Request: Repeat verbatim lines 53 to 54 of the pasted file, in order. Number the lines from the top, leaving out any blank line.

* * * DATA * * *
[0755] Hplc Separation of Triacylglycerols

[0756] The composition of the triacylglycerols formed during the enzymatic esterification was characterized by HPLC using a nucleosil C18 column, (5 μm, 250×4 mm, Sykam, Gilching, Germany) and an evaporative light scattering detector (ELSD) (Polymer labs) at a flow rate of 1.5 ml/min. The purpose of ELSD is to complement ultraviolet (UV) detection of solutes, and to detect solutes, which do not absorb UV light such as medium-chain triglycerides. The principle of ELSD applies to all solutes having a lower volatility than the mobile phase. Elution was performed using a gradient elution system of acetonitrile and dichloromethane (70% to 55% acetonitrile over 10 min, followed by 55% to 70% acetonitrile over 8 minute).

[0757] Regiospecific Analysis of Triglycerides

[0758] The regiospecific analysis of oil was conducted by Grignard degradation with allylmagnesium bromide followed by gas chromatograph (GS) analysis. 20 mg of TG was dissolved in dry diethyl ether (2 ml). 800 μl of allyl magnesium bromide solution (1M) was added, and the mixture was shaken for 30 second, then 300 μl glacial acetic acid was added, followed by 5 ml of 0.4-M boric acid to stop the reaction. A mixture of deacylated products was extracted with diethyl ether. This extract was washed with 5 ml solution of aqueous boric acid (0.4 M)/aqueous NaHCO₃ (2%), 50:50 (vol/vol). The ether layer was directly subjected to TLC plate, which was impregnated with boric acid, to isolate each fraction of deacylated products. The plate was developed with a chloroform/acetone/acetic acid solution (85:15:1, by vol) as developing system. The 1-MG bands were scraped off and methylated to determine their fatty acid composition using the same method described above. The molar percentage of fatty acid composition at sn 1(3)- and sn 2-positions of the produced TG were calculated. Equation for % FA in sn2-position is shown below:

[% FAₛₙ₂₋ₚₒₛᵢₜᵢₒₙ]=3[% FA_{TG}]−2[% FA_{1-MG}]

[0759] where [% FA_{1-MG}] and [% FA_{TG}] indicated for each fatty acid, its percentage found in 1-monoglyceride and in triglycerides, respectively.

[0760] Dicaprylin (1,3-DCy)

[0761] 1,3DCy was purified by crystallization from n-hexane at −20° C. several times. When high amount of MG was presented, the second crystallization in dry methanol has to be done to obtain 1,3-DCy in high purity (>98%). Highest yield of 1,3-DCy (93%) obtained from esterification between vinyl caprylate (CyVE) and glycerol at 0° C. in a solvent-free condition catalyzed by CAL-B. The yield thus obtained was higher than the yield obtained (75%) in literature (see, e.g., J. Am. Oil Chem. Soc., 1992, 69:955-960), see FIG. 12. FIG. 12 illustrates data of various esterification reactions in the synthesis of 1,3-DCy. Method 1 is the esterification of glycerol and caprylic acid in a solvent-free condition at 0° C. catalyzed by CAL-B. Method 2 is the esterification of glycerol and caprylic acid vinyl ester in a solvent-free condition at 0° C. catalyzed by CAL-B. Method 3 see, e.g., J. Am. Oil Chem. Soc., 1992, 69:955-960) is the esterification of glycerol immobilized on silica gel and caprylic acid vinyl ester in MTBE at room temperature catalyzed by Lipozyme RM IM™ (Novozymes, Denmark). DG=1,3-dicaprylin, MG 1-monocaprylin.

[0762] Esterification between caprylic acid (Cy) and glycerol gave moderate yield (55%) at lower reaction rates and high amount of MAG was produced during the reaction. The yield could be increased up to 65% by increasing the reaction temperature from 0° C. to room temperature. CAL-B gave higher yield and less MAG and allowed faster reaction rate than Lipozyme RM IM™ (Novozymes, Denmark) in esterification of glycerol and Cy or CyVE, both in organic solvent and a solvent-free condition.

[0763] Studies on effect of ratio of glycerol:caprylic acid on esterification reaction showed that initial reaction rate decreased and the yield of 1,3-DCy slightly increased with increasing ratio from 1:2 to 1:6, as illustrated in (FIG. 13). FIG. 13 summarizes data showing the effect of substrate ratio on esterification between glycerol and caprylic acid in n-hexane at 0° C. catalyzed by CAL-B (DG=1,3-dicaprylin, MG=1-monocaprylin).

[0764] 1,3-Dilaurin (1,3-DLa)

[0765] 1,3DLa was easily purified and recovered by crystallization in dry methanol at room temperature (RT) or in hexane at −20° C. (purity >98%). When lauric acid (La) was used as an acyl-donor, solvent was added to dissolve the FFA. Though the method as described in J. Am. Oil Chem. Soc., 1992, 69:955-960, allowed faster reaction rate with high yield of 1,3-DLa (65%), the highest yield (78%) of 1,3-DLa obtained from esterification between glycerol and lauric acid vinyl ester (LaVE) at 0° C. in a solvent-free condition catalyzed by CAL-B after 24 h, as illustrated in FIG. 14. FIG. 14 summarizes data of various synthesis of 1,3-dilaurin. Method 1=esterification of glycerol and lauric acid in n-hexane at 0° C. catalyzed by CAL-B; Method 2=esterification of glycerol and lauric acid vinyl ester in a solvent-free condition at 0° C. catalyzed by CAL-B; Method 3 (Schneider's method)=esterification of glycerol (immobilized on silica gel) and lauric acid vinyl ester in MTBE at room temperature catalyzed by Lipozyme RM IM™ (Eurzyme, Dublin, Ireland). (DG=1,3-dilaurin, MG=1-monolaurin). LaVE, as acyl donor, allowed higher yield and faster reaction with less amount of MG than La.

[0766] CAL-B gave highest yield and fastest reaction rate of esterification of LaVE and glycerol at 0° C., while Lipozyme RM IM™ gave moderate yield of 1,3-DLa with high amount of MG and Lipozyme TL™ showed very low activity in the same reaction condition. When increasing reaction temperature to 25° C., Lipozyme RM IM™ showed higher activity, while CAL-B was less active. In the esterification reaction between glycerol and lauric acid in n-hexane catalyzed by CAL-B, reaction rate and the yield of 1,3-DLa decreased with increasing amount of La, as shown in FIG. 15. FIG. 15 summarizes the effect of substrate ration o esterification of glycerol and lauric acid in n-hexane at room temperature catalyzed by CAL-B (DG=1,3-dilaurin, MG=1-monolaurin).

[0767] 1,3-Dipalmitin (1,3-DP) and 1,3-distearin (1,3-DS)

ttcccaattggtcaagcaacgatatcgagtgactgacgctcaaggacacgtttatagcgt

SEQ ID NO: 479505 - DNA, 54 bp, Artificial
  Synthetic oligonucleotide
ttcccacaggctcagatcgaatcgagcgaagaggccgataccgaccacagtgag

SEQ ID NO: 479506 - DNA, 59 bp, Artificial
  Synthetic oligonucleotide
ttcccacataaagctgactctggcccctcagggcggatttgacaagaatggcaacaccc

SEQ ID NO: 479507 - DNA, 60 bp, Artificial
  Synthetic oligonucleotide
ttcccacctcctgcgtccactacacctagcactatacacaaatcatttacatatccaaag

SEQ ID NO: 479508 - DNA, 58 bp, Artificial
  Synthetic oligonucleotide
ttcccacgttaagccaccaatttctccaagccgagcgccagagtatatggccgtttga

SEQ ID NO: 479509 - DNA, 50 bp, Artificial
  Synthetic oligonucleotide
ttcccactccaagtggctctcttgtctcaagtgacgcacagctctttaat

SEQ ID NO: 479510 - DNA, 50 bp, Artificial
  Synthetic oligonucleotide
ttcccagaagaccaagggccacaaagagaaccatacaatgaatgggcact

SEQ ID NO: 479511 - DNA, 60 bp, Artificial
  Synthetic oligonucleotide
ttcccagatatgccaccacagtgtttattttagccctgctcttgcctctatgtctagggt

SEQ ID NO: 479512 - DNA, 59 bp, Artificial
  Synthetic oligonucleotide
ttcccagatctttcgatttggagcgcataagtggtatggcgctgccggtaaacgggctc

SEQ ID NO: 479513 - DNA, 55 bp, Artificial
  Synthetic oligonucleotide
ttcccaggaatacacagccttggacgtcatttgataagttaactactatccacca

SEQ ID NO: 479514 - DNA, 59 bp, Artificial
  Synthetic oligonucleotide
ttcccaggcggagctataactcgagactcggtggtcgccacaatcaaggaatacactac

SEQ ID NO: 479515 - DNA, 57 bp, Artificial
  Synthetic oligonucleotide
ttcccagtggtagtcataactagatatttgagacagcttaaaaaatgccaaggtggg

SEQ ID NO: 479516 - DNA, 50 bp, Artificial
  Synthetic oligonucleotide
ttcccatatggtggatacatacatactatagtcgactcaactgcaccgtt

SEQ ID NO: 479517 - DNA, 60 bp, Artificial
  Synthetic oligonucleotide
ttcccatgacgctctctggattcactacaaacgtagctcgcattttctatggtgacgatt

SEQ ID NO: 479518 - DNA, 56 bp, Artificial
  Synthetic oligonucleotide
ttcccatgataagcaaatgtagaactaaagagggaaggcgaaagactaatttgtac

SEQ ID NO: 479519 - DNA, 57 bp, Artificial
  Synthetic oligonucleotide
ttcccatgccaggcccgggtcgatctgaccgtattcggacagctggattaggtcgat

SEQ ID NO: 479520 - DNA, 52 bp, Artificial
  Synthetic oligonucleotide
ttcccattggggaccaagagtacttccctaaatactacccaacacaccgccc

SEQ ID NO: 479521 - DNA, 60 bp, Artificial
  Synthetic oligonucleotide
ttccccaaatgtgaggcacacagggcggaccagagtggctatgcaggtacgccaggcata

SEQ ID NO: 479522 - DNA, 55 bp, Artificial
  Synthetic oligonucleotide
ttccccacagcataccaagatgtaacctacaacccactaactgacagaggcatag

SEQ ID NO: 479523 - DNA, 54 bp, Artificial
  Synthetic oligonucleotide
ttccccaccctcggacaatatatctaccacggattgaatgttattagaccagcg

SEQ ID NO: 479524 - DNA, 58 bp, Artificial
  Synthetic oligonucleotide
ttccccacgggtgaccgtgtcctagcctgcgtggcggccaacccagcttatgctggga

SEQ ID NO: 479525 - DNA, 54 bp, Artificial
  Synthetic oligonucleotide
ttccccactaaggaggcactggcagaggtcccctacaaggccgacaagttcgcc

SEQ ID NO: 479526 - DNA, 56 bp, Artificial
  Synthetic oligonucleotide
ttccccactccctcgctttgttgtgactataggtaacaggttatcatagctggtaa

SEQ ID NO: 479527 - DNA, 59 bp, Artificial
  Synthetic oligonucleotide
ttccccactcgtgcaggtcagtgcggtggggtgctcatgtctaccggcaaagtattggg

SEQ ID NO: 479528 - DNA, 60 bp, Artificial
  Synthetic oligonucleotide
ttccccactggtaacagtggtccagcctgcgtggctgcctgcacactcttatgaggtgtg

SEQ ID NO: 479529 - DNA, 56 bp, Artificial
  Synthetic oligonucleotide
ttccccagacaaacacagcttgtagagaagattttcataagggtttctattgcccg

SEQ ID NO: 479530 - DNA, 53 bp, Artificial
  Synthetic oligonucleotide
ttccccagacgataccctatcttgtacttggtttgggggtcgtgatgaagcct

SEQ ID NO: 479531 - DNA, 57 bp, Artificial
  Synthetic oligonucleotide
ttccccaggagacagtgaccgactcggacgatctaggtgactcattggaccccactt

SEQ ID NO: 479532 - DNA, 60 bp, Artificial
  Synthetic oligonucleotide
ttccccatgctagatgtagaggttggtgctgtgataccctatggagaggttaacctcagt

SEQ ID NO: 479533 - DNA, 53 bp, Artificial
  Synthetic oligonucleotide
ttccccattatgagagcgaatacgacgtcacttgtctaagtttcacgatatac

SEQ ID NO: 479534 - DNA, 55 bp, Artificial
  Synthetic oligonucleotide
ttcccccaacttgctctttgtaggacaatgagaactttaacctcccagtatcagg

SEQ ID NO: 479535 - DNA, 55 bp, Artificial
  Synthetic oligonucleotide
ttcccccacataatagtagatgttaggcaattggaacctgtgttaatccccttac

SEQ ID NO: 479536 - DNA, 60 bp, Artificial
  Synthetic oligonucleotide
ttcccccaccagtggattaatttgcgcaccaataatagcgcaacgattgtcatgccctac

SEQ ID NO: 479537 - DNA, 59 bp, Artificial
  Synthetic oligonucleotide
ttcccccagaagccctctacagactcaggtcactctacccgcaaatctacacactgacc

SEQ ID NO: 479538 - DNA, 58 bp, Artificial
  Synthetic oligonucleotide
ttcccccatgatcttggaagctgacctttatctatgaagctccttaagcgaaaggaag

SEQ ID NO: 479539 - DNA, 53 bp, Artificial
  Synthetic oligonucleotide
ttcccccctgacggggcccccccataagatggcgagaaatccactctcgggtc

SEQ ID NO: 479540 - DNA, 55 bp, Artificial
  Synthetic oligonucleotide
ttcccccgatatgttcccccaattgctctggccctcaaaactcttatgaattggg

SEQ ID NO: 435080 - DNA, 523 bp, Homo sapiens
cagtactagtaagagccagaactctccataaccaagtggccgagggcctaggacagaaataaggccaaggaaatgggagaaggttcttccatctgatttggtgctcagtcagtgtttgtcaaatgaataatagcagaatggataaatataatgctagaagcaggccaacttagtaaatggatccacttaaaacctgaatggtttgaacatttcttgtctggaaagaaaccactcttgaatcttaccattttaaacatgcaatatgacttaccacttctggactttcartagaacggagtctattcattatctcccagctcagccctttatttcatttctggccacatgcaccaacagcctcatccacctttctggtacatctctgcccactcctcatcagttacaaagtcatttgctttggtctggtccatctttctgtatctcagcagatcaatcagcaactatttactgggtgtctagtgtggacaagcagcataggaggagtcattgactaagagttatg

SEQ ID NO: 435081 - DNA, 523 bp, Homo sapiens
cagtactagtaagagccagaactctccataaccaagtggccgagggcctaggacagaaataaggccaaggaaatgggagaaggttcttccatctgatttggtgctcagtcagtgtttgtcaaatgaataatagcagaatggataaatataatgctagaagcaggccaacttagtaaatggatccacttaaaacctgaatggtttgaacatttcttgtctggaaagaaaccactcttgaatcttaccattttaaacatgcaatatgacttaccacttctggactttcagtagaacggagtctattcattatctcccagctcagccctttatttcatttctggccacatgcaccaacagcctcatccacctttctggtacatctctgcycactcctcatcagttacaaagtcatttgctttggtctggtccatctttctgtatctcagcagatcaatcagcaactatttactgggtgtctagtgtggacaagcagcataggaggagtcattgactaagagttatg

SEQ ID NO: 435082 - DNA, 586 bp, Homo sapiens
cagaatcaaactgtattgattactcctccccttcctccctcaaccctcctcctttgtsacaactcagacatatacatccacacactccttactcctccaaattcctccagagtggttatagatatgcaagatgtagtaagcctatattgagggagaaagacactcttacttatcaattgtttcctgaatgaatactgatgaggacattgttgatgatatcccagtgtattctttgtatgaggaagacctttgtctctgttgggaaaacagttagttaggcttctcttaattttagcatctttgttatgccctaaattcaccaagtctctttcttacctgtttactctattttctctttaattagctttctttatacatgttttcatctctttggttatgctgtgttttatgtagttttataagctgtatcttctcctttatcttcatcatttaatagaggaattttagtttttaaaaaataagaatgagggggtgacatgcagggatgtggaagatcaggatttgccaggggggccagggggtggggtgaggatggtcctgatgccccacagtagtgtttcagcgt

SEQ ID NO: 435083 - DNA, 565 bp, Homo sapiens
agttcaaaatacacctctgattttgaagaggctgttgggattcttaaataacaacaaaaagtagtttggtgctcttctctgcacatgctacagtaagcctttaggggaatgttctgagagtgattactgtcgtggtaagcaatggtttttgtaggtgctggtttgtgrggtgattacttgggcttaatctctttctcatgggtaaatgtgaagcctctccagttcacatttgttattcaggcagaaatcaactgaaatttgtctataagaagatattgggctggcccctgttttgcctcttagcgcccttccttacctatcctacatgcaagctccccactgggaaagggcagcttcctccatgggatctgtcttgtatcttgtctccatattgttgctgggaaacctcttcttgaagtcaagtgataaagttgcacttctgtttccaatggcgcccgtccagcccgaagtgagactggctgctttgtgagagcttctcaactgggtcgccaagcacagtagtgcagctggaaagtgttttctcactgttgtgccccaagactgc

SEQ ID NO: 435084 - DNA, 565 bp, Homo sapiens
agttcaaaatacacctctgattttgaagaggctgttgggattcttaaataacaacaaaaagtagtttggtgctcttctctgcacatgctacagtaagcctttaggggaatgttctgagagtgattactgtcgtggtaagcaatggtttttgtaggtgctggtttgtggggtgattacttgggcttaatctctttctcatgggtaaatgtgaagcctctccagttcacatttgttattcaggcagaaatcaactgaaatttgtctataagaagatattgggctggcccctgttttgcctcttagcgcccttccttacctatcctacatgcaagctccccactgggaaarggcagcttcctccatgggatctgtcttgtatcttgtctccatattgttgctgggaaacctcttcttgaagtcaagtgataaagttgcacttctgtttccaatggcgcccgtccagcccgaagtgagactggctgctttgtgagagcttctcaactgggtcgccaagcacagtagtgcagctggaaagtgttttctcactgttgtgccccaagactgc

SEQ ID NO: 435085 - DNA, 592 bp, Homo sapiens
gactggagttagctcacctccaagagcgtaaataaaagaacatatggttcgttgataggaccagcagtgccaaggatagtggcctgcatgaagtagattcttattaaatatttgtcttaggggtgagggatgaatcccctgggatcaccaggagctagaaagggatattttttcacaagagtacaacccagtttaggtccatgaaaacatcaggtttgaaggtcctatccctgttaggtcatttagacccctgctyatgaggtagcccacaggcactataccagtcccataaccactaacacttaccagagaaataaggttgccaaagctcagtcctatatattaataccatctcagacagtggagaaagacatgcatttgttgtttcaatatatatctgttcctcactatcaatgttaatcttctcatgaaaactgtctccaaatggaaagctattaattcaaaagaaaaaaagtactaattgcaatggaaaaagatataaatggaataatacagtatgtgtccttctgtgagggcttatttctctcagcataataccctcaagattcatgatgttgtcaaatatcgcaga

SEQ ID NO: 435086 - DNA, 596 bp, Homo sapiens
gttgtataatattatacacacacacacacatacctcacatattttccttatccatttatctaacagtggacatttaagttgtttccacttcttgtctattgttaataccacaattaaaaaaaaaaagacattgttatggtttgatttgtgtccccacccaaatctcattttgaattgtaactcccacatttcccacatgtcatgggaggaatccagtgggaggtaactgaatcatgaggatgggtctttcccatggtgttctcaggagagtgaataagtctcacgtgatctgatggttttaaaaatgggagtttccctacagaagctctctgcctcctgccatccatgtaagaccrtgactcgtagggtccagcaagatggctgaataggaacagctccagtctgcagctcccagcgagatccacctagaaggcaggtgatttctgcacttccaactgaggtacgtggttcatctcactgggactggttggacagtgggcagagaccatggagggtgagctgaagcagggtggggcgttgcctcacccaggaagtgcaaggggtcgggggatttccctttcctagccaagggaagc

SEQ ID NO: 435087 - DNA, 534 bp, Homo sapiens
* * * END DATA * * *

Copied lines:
  Synthetic oligonucleotide
ttcccatgacgctctctggattcactacaaacgtagctcgcattttctatggtgacgatt